Director: Juan Solanas
Writer: Juan Solanas, Santiago Amigorena, Pierre Magny
Cast: Jim Sturgess, Kirsten Dunst, Timothy Spall, Blu Mankuma, Nicholas Rose, James Kidnie, Vlasta Vrana, Kate Trotter, Holly Uloth
Seen on: 1.1.2017
The two planets Up Top and Down Below are so close to each other, in some places they are within touching distance. There is even a big building, the TransWorld HQ, that connects both. This is made possible by dual gravity: both planets come with their own gravitational system that pull the things, living and otherwise, that belong to each in opposite directions. Adam (Jim Sturgess) grew up in the mountains of Down Below where he met Eden (Kirsten Dunst) from Up Top. They fell in love, but their forbidden contact was discovered and Adam had to leave Eden behind, believing her dead. 10 years later, he discovers that she is actually alive and works at TransWorld. Adam knows he has to find her again.
Upside Down was a poorly constructed film full of tropes. It just didn’t work for me at all, instead it remained nonsense. It doesn’t even begin to hold a candle to Patema Inverted that works with the same idea.
Look, I’m willing to go along with a lot of rather ludicrous stuff when it comes to world-building, as long as things are done with care and are stringently thought through. In Patema, that works as little on a basis of actual phsyics, this was the case. In Upside Down it just didn’t work. One of the major things was the fact that matter from Up Top and matter from Down Below can’t be in direct contact with each other for a prolonged period – else it starts to burn. Which means that the atmosphere between Up Top and Down Below should be constantly in flames since that is where the uppermost Down Below-particles meet the lowermost Up Top-particles.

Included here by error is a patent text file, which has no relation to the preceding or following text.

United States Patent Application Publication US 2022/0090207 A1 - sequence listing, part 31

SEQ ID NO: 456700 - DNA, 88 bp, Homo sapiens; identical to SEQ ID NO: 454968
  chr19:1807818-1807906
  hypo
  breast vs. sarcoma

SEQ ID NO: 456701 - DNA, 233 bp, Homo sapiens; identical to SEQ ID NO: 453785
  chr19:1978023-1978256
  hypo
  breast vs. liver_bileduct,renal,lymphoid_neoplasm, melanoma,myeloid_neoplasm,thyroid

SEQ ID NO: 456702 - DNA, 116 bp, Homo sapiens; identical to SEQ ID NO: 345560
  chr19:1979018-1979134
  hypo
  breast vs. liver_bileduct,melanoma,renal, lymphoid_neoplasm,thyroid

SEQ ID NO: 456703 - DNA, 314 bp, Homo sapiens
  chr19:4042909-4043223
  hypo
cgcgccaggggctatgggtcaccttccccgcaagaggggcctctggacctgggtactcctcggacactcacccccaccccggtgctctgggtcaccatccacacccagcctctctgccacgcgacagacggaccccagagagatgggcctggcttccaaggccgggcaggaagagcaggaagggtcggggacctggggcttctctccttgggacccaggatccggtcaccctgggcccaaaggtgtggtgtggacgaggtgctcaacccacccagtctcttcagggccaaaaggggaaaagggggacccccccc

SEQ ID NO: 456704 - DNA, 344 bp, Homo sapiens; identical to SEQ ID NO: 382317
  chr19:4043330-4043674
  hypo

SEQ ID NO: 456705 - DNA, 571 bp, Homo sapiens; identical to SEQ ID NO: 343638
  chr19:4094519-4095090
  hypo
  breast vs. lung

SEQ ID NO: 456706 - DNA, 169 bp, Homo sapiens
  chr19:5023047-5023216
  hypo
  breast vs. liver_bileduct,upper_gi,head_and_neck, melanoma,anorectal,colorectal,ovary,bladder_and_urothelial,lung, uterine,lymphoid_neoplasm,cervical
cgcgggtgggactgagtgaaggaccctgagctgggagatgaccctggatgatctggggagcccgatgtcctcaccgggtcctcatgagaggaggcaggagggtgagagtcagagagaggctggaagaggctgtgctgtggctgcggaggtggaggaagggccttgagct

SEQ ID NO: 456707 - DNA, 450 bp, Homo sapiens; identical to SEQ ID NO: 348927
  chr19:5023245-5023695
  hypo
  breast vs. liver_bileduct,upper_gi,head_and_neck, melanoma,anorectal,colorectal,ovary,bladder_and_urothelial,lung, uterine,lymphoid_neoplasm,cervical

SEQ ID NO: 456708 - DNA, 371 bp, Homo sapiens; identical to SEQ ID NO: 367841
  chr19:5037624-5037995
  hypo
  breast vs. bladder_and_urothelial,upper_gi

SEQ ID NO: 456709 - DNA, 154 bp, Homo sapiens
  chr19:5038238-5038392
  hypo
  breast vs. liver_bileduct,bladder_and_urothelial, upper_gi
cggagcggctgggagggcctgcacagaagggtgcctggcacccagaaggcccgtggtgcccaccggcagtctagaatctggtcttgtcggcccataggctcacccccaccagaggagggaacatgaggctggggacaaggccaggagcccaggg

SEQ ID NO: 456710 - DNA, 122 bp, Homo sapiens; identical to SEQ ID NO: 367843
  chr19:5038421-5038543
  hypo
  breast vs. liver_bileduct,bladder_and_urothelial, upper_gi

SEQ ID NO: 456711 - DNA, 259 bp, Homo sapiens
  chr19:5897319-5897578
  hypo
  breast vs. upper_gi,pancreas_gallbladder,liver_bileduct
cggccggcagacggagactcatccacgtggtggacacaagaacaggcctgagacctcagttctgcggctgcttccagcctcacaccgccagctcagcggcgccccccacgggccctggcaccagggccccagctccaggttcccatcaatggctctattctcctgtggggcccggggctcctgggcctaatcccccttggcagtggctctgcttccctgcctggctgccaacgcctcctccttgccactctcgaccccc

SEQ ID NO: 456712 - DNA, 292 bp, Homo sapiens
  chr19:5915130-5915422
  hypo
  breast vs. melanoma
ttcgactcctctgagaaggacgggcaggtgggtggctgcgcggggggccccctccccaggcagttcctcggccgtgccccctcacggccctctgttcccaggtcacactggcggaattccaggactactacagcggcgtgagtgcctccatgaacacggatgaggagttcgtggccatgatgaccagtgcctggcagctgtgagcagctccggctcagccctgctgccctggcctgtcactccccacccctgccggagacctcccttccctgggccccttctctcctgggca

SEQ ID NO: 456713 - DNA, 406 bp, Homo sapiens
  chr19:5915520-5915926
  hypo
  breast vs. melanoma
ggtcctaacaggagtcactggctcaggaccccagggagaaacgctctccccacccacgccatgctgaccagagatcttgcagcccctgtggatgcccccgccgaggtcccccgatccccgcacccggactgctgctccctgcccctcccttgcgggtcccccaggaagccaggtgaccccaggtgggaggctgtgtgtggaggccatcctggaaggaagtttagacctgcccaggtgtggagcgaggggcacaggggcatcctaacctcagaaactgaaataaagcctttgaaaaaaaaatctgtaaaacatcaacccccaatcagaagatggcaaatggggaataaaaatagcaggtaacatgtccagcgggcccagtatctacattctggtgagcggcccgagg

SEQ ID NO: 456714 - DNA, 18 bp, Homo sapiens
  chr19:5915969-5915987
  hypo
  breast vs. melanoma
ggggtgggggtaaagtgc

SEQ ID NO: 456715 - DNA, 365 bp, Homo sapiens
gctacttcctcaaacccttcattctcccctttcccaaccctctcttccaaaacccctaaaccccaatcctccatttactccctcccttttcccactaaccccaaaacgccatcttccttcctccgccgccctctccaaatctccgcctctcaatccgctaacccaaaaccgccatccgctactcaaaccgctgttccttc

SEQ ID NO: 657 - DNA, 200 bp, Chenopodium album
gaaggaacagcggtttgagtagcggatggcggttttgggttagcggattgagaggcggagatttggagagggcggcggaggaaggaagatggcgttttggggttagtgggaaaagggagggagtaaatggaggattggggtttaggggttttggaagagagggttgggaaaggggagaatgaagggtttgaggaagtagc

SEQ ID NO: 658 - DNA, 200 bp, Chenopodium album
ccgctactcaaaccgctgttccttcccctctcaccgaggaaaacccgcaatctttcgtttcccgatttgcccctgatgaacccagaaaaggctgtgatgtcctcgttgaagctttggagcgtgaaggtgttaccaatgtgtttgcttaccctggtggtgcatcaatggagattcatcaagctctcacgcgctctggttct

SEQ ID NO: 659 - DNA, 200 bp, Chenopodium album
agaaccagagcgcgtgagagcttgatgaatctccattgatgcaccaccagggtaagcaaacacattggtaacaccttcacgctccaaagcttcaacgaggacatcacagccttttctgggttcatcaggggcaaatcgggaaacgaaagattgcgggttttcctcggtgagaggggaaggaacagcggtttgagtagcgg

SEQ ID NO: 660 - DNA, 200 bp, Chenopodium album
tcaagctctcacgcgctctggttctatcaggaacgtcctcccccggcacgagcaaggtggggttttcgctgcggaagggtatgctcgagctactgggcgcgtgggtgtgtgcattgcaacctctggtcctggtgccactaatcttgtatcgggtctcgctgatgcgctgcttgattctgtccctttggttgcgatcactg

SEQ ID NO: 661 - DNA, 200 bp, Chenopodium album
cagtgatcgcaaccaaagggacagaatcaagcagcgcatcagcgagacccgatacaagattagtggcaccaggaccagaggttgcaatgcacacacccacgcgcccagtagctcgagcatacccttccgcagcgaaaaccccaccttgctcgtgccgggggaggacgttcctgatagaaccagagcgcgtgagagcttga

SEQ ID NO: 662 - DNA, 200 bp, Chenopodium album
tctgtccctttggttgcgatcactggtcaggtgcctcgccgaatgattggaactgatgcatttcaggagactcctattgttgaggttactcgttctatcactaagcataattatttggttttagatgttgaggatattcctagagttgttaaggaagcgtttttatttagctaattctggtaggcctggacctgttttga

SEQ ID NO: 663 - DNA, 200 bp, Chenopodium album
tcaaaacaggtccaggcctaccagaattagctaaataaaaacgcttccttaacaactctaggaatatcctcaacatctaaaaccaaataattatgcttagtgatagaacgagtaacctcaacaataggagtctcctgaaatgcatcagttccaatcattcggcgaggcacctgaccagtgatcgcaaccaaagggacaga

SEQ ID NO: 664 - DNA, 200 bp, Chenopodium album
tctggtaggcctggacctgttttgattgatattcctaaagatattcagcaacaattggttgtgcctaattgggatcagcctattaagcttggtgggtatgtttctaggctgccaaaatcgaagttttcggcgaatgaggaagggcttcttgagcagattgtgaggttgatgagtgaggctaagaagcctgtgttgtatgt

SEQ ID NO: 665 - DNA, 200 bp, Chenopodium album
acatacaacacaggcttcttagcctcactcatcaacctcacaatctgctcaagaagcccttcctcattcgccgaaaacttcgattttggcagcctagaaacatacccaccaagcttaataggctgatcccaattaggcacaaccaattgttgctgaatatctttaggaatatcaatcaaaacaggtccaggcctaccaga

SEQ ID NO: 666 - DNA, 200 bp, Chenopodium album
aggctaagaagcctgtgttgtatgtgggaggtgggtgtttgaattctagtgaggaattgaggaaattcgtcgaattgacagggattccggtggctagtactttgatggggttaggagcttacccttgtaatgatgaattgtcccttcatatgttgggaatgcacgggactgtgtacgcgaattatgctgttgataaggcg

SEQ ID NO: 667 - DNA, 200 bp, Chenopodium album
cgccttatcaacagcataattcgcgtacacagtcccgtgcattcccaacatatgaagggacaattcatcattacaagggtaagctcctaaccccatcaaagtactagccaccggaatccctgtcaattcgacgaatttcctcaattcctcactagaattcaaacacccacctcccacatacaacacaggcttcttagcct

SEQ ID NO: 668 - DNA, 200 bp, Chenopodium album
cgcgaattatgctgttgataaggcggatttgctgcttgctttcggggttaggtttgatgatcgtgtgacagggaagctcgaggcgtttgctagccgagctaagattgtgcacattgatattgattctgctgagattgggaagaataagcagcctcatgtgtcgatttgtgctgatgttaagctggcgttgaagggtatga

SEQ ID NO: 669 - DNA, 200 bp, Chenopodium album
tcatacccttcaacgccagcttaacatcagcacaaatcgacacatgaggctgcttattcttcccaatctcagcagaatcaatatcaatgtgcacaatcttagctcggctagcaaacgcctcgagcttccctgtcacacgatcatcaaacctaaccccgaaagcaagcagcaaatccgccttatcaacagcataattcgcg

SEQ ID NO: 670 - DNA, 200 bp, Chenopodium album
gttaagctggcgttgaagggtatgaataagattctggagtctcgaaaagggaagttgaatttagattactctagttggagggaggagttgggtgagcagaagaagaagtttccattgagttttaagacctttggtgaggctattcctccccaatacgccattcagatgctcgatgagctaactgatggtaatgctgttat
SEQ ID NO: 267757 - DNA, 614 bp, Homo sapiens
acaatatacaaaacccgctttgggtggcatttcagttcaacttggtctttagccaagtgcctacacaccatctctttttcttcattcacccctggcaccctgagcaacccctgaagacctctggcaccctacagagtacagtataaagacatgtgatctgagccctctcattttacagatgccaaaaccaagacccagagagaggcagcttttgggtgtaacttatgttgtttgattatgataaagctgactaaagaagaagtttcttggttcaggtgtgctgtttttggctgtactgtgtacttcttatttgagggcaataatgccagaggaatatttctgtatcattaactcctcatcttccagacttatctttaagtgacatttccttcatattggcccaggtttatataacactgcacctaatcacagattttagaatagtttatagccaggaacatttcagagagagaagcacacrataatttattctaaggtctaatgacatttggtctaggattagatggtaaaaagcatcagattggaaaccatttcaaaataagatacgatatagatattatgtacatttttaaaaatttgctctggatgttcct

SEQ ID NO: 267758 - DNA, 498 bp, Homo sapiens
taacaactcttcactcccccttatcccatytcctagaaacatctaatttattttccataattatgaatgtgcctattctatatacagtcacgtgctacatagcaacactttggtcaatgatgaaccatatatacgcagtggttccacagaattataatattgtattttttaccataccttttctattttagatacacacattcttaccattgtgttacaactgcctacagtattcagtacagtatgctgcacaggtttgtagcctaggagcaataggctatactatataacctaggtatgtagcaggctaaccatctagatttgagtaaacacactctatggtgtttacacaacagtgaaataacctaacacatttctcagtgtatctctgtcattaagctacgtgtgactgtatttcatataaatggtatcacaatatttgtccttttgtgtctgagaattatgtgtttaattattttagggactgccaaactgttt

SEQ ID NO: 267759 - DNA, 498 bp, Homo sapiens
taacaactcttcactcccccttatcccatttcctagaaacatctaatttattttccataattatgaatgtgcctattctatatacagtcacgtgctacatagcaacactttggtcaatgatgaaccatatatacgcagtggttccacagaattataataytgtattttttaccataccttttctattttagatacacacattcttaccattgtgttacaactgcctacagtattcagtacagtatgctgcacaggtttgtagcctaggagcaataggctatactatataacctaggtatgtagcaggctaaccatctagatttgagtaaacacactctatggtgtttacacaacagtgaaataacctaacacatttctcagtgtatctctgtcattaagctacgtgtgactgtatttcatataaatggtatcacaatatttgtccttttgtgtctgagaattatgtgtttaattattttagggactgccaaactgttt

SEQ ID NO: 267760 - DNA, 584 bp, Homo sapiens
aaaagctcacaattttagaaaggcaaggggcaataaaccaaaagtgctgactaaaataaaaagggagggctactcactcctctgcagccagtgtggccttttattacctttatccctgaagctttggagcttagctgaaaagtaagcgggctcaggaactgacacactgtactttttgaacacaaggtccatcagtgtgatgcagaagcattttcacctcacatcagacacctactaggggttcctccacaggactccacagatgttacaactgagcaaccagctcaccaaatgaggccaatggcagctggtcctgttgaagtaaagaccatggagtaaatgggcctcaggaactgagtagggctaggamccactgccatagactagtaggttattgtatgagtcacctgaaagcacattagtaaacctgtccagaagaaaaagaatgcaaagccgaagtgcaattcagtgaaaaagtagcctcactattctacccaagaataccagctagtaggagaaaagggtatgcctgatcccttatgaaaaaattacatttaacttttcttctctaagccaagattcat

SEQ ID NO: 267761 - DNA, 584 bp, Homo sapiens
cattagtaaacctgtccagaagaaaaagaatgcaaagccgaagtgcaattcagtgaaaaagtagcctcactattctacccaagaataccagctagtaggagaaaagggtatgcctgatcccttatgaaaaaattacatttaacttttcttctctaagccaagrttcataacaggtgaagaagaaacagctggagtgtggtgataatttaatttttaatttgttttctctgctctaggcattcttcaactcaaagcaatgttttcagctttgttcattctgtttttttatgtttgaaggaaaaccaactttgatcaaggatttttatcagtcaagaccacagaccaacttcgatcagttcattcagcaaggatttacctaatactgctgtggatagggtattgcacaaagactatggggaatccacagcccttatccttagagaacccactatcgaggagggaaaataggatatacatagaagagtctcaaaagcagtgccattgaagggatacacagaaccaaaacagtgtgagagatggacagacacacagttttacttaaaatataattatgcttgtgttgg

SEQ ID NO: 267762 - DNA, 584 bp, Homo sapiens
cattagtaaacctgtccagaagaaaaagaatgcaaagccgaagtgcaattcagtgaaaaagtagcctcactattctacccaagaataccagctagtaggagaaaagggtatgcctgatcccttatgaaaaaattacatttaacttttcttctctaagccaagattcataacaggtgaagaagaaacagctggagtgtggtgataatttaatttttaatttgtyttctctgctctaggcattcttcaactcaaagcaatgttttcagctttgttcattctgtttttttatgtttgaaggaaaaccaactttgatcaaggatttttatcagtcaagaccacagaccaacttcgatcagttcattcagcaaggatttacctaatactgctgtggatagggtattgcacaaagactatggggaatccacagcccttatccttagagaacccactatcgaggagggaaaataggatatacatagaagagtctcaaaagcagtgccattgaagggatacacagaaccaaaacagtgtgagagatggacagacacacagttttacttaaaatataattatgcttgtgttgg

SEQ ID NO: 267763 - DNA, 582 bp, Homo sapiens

We could also squabble about the fact that the both worlds are called what they’re called – because it actually centers the perspective of Down Below, the poorer, obviously less powerful of the two planets that is being exploited by Up Top. To Down Below, Up Top is above them, physically speaking. But to Up Top, Down Below is (in) their sky. That might be nitpicking, but it shows that there is not all that much care that went into the world-building on this one.
The film is preoccupied with creating cool visuals instead. And I will readily admit that a lot of it looked very nice, but in a surprisingly uncreative way – the usual monochrome dystopia. Plus, the CGI is not all that great and sometimes it all looks too much like set pieces.
Unfortunately, those two – the world building and the visuals – are the selling points of the film. And since the fim doesn’t deliver on them and the characters it features are incredibly bland, one is stuck with a rather boring affair all in all.
Summarizing: Watch Patema Inverted instead.